It's late afternoon, and it's time to gather the children and go. We're helping prepare and serve a meal at church. But I have to admit, in the deep part of my heart, I don't feel like serving tonight. I'm tired. The boys have given me a run today. The temperature is still painfully cold, and a night at home would be the sweetest sort of thing.
But we gather and go.
To me, right now, it feels like commitment. The simple right of doing what we said.
As we drive to church, I think about the million things I have to do at home. The house looks like a war zone. The cupboards are bare. Laundry is piled high. It would take my crew a full night, at least, to get to a manageable place. To a place where organization resides.
But we go. And I consider the things I can press into a sliver of evening when we get home.
When we get to church, I find that our friends have already arrived. Sweet scents waft from the kitchen. From the hall, we can hear chatter and the bang-clang of activity. The boys and I hang out coats on pegs and go around the corner.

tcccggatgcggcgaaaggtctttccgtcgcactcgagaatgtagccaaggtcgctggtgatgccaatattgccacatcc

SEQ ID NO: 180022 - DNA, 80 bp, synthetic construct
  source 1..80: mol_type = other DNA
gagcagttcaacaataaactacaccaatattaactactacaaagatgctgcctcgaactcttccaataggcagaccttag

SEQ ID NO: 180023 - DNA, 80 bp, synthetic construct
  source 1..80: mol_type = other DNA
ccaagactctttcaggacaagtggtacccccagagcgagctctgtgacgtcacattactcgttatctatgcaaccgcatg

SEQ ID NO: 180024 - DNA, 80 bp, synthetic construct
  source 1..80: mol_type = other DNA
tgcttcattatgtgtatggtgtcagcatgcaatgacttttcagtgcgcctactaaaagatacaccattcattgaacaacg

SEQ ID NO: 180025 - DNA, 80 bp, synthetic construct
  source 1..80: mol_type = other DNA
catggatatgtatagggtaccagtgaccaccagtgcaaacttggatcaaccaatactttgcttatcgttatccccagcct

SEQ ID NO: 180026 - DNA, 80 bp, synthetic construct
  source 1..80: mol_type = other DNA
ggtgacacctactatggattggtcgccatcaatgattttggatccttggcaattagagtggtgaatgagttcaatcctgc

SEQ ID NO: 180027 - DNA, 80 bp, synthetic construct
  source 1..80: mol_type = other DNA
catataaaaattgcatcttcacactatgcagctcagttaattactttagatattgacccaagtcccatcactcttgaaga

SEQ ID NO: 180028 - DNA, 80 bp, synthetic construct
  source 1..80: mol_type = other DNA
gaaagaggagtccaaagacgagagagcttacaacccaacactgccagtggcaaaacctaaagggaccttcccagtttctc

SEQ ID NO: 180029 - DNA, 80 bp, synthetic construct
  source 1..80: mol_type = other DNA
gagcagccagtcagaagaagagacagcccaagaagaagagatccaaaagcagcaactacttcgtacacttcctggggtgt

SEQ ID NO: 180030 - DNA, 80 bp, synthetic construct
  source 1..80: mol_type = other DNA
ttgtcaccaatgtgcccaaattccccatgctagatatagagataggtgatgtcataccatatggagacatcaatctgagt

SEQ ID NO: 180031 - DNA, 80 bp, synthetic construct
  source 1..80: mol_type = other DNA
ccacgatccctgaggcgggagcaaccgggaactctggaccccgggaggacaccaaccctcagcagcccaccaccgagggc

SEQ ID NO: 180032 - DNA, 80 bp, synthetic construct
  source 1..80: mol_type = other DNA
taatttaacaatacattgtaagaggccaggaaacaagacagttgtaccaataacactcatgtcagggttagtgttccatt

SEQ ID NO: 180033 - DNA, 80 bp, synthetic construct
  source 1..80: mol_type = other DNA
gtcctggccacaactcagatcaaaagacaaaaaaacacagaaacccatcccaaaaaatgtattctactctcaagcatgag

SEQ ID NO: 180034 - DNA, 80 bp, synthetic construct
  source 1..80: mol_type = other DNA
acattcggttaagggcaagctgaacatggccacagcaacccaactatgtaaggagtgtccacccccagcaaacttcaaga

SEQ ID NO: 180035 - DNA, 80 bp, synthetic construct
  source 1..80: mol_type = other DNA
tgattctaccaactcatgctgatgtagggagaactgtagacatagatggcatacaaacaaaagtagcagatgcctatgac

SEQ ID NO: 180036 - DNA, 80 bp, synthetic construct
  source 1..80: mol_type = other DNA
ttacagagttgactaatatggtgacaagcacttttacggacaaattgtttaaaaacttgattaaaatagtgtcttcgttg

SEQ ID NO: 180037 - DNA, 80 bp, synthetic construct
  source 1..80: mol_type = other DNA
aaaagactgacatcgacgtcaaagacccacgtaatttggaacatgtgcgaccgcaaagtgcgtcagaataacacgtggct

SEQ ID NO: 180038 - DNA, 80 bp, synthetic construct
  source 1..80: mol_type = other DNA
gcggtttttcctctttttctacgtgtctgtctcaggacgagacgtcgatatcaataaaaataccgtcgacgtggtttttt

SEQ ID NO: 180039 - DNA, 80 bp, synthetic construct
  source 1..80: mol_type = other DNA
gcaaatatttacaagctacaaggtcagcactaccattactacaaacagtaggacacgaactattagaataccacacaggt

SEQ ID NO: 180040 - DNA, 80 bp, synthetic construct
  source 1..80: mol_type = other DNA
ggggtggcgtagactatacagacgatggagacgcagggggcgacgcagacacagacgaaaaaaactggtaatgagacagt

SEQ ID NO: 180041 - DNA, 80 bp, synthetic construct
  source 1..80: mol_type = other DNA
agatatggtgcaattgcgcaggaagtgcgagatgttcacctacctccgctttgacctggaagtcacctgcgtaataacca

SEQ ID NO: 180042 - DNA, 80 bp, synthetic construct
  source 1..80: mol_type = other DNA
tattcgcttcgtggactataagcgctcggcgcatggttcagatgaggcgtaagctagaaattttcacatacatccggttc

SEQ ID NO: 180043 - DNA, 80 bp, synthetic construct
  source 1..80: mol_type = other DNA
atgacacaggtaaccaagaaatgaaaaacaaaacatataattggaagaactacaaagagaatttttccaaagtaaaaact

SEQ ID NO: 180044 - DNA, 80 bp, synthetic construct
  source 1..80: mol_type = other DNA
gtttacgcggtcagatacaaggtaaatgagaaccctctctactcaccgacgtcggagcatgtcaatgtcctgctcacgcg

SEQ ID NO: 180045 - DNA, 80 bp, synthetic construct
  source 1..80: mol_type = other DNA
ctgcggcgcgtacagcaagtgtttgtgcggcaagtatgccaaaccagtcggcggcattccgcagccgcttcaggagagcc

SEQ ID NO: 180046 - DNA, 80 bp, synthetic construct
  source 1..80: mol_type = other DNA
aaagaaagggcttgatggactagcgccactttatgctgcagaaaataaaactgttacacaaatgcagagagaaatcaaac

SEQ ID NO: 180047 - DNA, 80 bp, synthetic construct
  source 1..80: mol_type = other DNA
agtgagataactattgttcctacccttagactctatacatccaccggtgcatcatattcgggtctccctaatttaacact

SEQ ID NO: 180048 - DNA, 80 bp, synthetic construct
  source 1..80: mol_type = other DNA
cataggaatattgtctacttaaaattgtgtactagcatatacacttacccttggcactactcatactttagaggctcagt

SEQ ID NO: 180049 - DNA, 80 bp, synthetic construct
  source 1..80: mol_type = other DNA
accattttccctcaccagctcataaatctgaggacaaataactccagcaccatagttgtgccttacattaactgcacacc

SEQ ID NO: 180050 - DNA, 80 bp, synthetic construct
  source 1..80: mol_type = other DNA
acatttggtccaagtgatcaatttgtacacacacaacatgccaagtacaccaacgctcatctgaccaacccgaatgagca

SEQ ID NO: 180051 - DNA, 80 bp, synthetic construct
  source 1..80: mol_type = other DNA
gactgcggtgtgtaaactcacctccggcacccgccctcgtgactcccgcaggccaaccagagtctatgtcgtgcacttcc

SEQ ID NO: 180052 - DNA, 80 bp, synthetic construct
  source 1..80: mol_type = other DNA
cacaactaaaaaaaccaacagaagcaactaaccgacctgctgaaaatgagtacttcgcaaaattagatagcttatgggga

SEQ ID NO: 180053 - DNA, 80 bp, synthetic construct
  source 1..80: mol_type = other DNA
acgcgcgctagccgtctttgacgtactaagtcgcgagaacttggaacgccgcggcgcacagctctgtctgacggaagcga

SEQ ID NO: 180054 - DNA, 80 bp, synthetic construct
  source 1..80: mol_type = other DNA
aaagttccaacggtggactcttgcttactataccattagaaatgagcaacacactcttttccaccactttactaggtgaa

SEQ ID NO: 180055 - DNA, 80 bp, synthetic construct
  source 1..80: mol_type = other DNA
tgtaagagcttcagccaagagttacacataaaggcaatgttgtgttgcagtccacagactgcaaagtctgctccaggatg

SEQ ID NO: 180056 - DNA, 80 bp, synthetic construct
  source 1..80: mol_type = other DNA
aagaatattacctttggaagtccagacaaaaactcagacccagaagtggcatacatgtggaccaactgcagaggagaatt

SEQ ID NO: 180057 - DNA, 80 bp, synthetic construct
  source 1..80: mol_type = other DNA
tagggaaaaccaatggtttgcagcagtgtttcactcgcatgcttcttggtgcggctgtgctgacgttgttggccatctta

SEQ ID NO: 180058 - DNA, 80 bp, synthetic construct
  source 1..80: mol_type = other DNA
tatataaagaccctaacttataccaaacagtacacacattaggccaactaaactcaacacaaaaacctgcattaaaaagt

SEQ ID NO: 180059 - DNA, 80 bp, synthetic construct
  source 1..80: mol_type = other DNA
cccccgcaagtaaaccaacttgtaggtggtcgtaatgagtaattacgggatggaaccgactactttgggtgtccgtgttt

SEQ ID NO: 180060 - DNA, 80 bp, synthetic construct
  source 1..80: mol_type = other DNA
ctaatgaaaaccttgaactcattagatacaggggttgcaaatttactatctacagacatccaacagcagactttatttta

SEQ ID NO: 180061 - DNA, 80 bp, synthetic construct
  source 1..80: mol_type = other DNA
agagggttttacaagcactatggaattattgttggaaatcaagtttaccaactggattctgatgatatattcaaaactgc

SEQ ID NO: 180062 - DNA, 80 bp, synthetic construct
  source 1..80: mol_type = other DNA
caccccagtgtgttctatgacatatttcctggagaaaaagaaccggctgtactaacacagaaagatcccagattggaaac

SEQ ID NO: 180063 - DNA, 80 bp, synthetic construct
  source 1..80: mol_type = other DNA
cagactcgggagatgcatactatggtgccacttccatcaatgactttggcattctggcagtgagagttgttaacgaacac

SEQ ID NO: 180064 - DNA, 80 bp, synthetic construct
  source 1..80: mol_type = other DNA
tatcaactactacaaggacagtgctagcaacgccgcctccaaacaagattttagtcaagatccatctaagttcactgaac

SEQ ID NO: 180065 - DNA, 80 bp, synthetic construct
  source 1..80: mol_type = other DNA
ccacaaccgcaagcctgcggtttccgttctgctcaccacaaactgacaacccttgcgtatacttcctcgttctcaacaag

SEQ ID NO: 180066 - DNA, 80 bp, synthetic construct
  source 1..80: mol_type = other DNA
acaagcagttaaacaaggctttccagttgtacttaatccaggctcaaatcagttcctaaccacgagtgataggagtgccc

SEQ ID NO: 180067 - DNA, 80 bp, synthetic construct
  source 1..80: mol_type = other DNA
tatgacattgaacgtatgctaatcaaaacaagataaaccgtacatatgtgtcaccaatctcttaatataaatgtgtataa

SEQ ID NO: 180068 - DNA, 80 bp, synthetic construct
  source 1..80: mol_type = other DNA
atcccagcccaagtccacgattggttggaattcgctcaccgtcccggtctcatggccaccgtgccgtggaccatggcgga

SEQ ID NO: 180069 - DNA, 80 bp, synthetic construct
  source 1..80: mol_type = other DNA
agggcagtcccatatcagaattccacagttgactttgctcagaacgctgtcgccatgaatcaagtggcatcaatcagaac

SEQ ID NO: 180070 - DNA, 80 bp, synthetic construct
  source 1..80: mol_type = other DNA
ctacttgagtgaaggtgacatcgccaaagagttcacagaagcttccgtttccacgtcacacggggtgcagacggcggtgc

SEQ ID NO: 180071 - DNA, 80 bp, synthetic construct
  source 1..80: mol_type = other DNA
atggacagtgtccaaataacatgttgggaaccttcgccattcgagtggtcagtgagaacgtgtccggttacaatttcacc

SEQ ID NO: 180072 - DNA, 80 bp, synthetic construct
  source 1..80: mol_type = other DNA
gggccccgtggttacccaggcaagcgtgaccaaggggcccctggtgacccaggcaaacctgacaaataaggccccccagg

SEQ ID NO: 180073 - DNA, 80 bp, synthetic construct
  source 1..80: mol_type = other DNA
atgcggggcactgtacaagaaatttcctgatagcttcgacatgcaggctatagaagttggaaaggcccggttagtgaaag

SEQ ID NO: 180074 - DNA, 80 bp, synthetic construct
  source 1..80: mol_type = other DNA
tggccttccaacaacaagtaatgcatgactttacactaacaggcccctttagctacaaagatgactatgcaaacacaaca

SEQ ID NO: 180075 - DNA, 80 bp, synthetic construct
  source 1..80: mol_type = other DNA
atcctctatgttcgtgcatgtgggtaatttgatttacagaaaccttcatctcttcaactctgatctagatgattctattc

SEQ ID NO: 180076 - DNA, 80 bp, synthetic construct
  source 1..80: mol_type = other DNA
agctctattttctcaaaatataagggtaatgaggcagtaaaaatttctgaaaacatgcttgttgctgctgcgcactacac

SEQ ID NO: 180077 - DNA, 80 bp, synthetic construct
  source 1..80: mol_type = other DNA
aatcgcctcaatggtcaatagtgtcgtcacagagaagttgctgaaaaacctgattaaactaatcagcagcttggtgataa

And what I see there blesses my soul.
My friend's small daughter is wobbling through the dining area with a tray of salt and pepper shakers. She puts the tray down. Stretches far to place two shakers in the center of a table. Stands back to consider. Then moves right on. Zay thinks this looks like fun and he shoots away from my side and is soon at hers.
There's a row of children at the counter, perched on stools. They're tearing lettuce. Chopping carrots. Slicing cucumbers. There's chatter and laughter and togetherness. Gabe and Sam find kitchen stools of their own. They wash fast and pitch right in.
A friend, standing at the stove, waves and smiles. Her father has come to help. His wife, her mother, is two years in heaven and the sight of these two together tugs tenderness in my soul.
Another friend is reading a recipe and her daughter stands ready with a scoop of flour.
And I pull my apron from my bag, loop it over my head, and suddenly all I want to do is join in. I want to slide into the scene and find a place. I want to gather and give. I want to be a part of something, even just a dinner, that's not about me.
There's something about serving. Maybe it's the togetherness. The sweet form of connection that working side-by-side brings. Maybe it's a willingness to move myself from a place of priority to a place in the heart where others come first. Maybe it's that the Lord created us to love Him and love others and when we serve we hit both just right.
I don't know.
But I'm grateful to be free of my own agenda. I'm thankful for this opportunity.
This serving place, right here, is where I want to be.